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As part of a continuing evaluation of new technologies for land mine detection, work has been carried out at the Joint Research Centre of the European Commission to determine the effectiveness of stimulated infrared imaging in locating buried mines and mine like objects. This paper reports on part of this work, which attempts to compare passive (that is, solar radiation-produced) images with those obtained using artificial stimulation: in particular, high-power microwave (HPM) radiation. The advantages of HPM, and some practical difficulties, are discussed. Results from both laboratory and field measurements are described. Images are compared in terms of the temperature contrast between the image and the surrounding area. Microwave stimulation appears to be capable of providing a thermal contrast at times of day when solar radiation alone gives none.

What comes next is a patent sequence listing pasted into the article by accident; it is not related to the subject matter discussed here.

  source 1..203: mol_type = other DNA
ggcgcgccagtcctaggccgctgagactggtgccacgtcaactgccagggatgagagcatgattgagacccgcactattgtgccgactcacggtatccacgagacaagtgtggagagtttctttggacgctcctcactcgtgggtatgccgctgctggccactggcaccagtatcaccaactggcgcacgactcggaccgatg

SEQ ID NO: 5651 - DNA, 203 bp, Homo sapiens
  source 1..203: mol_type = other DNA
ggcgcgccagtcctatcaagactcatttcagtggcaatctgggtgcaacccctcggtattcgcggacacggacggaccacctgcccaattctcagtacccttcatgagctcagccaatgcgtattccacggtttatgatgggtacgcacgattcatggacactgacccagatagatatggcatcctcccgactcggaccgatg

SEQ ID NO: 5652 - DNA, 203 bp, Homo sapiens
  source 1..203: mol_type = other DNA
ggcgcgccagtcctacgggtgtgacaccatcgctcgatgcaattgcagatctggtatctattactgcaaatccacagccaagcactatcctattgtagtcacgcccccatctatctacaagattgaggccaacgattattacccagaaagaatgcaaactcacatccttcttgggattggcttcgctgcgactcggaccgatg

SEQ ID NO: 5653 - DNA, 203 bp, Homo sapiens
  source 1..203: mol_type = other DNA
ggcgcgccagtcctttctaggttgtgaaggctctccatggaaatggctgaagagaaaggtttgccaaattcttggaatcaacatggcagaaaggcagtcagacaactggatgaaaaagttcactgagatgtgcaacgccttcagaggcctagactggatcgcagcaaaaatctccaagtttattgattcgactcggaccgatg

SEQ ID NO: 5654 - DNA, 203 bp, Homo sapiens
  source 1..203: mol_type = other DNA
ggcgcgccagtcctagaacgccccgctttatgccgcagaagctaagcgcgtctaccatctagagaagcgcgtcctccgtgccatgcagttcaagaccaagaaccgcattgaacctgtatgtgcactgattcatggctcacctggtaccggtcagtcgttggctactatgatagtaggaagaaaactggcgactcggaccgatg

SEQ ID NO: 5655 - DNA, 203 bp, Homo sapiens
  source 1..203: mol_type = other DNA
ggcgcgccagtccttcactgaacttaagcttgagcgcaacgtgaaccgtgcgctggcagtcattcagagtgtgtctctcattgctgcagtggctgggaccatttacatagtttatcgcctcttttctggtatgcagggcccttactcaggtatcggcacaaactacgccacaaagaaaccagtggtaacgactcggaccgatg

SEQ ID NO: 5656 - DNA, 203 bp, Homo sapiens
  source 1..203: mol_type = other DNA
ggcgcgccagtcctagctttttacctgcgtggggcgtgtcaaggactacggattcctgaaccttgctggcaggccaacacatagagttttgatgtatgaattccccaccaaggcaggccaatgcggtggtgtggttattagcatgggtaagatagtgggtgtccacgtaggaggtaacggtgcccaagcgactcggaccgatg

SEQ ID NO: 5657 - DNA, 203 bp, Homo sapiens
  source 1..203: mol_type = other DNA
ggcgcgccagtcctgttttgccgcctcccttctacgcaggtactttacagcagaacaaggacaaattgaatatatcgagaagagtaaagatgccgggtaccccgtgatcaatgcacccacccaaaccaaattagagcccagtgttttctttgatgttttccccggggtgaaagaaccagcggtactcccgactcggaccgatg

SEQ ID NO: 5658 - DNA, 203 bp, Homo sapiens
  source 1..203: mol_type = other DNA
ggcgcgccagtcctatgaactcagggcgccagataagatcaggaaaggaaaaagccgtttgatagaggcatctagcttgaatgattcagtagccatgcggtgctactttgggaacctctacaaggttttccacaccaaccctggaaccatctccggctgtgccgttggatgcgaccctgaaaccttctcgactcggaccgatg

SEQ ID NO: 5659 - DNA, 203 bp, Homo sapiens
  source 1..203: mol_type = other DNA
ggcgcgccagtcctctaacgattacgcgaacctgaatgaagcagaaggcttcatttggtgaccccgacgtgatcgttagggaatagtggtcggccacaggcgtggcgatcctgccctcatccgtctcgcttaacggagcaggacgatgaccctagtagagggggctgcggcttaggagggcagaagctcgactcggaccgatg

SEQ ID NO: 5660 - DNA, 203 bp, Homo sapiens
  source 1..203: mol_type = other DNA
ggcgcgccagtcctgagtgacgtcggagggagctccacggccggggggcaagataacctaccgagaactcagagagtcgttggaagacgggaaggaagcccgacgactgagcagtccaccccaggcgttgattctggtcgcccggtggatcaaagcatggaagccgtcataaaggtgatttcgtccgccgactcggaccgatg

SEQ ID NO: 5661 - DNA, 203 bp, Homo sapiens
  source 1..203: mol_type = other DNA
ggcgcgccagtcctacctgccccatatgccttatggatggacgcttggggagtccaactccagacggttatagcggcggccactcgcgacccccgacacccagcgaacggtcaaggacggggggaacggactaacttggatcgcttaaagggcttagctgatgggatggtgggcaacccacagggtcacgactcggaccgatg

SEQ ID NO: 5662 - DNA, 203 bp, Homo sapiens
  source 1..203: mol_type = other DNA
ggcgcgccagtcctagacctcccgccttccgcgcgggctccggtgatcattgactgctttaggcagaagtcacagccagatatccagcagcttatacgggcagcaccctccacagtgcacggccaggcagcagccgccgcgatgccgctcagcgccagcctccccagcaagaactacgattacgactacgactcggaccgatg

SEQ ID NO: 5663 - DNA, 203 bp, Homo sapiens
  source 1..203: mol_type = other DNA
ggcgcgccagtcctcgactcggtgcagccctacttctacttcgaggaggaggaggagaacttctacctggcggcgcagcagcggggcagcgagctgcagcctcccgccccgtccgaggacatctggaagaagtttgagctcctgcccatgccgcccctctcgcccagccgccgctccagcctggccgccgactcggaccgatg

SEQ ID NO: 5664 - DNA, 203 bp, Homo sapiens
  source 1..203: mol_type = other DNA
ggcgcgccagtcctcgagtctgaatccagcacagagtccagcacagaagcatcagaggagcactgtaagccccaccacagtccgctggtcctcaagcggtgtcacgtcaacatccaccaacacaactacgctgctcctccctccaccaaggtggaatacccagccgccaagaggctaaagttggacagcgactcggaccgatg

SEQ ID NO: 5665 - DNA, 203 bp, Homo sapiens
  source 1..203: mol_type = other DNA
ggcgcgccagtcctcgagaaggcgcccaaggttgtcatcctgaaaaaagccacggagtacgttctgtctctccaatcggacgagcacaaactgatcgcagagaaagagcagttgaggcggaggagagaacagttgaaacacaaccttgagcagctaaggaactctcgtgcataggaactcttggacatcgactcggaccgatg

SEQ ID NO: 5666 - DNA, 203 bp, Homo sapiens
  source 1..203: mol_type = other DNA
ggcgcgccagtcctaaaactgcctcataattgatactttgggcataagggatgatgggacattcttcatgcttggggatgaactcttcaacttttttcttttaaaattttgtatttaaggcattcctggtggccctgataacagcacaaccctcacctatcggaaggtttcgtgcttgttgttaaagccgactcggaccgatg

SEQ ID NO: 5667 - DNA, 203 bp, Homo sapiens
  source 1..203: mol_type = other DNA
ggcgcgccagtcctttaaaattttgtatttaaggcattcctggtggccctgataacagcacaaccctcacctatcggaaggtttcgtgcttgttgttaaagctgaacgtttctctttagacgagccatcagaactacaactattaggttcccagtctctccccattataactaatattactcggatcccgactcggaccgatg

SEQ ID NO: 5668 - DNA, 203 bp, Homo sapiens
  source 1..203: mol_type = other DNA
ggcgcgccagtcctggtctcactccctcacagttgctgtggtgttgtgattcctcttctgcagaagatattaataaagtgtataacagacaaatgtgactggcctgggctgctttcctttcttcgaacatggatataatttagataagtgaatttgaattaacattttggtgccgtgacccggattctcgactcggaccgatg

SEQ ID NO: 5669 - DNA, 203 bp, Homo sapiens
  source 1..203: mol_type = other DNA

The paper also describes results of infrared measurements made over buried mines containing explosive material and surrogates containing a filler in order to evaluate the apparent differences in the thermal image obtained. First results show that the surrogates exhibit a similar behavior to that of the real mine under the same conditions. .

Additional information

Authors: CARTER L.J, EC, Joint Research Center;KOKONOZI A, University of Auckland (NZ);HOSGOOD B, University of Auckland (NZ);COUTSOMITROS C, University of Auckland (NZ);SIEBER A, University of Auckland (NZ)
Bibliographic Reference: An oral report give at: IGARSS 2001, International Geoscience and Remote Sensing Symposium. Organised by: IEEE Held in: Sydney (AU) 08-14 July, 2001
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